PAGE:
Shas MK Ya’acov Margi stepped into a diplomatic mine-field this week when he met with the head of the Russian-established government in Crimea, breaking with Israel’s policy of maintaining strict neutrality in the Russian-Ukrainian conflict.
Margi, chairman of the Knesset Education Committee, met with Crimean Prime Minister Sergei Aksyonov, in talks that were trumpeted in the local press as a sign of cracks in the international isolation of the peninsula.
Only Nicaragua and Abkhazia have officially recognized Crimea as part of Russia, which annexed it in 2014. Meeting with government officials there is barred by Ukrainian law.
According to a Tass report, Aksyonov put out a statement that the meeting was likely to help Israeli citizens and governmental bodies “form an objective opinion about contemporary processes and events in Crimea.”
“Despite a widespread opinion that it is unsafe to be in Crimea, [Margi] became convinced of the opposite. He saw everything with his own eyes. I have no doubt that the people of Israel will learn the truth: Crimea returned to Russia on its own free will expressed by the people of Crimea,” Aksyonov said.
The statement quoted Margi as saying he saw the life of the Jewish community there “and that tells you the truth about Crimea. I can see calm people who go to shops and ride in public transport, though I used to have a totally different picture. Jews live in many countries, and [a] bad attitude to Jews is growing in many of them. But I feel very comfortable in Crimea,” Margi said, according to the statement.
There are an estimated 17,000 Jews in Crimea.
A spokeswoman at the Ukrainian embassy had no response to the visit.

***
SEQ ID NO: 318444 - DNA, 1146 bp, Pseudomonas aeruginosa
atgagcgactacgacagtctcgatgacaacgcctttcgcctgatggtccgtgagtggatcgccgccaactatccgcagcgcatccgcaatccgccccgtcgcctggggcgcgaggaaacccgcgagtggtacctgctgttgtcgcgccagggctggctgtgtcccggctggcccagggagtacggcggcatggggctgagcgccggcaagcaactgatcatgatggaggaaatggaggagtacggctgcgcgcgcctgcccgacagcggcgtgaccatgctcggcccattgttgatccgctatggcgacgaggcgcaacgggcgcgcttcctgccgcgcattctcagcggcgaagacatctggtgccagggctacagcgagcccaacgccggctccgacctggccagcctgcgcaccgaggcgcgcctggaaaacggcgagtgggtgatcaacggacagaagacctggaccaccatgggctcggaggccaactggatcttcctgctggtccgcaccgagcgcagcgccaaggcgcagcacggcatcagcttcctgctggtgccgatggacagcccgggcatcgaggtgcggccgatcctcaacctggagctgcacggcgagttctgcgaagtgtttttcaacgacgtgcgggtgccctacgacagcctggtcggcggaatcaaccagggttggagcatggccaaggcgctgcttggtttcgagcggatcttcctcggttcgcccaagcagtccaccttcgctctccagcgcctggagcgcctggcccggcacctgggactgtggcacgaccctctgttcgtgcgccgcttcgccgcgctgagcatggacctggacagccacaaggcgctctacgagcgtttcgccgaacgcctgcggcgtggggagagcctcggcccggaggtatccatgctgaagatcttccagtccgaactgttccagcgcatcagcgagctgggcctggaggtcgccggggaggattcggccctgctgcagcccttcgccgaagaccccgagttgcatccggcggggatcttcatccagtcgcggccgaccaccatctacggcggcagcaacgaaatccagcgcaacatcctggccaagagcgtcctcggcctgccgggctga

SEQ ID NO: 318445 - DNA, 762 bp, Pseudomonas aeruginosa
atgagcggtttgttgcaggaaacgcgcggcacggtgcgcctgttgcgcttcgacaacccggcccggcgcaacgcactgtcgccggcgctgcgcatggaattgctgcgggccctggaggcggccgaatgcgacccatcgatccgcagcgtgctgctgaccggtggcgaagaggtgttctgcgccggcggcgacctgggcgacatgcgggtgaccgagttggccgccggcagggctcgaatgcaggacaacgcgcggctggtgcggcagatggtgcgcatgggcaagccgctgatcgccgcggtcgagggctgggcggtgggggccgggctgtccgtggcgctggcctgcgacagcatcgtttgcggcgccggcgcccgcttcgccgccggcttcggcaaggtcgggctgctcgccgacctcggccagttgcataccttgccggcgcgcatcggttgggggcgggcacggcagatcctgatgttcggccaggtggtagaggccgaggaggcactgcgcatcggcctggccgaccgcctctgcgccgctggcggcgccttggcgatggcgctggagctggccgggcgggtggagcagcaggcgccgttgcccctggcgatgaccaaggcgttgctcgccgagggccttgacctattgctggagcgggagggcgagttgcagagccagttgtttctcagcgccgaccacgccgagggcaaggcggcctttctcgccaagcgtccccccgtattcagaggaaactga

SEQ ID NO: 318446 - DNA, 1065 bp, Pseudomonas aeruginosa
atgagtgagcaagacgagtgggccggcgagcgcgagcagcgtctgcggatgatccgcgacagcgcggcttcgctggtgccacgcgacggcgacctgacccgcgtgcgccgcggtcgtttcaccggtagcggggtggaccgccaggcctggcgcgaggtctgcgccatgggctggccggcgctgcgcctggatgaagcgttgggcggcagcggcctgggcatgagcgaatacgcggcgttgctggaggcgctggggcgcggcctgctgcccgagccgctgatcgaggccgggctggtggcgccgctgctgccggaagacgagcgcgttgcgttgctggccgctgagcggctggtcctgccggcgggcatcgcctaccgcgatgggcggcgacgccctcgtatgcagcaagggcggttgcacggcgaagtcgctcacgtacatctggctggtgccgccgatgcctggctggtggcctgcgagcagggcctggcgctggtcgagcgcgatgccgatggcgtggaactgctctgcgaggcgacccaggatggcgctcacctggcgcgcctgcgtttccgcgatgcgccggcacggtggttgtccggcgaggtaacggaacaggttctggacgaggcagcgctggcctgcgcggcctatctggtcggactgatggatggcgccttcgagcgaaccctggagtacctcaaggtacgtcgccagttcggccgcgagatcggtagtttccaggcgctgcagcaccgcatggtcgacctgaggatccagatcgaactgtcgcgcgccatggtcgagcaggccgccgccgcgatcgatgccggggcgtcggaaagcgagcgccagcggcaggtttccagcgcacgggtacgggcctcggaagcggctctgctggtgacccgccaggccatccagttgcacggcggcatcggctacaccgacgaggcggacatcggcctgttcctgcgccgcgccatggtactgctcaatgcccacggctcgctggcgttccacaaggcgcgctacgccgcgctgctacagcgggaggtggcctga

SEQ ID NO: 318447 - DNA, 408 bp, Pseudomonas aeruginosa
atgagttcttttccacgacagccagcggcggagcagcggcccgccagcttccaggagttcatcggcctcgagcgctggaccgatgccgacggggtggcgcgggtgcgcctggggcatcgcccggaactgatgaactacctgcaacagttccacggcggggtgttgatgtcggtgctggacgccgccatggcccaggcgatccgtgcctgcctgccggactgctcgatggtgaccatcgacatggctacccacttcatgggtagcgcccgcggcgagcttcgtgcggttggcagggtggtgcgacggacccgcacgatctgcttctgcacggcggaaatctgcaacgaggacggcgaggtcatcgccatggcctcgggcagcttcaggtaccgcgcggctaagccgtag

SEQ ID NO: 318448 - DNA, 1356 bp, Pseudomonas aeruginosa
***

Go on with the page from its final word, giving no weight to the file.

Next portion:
Foreign Ministry officials said that they did not know in advance about Margi’s trip, and had they known, they would have advised against it.
Israel enjoys good relations with both Russia and Ukraine. While Jerusalem does not want to do anything to upset its critical relationship with Russia, Ukraine’s diplomatic importance increased significantly for Israel on January 1, when it became a member of the UN Security Council for the next two years.
Margi declined to comment through his spokesman, who said: “The trip was authorized by the Knesset Ethics Committee and coordinated with the Knesset Foreign Affairs Department, the Foreign Ministry, and other relevant factors.”
The Knesset’s Spokesman Yotam Yakir said Margi’s trip was not an official Knesset delegation and was not planned or coordinated with the Knesset, beyond the requisite authorization from the Ethics Committee.
Margi submitted to the Ethics Committee an invitation from Chief Rabbi of Sevastopol Binyomin Wolf, including an offer to fund his trip.
Last month the Ukrainian embassy issued a statement warning that Israeli companies engaged in “business activity in cooperation with the illegal authorities of Crimea without a permit” may be subject to sanctions.
Such activities, the embassy asserted in a statement, are a violation of both Ukrainian and international law, and should they continue, “relevant information will be transmitted to the competent authorities of Ukraine to further bring to justice perpetrators of violations of the current legislation.”
Ukraine’s president Petro Poroshenko, meanwhile, came to Israel in December and during a Knesset address said that Israel should side with his country in this conflict.
“When evil wins in one place, it will try to continue to another,” Poroshenko said. “We need to act in cooperation, and Israeli politicians should make their stance towards Ukraine very clear.”Lahav Harkov and Sam Sokol contributed to this report
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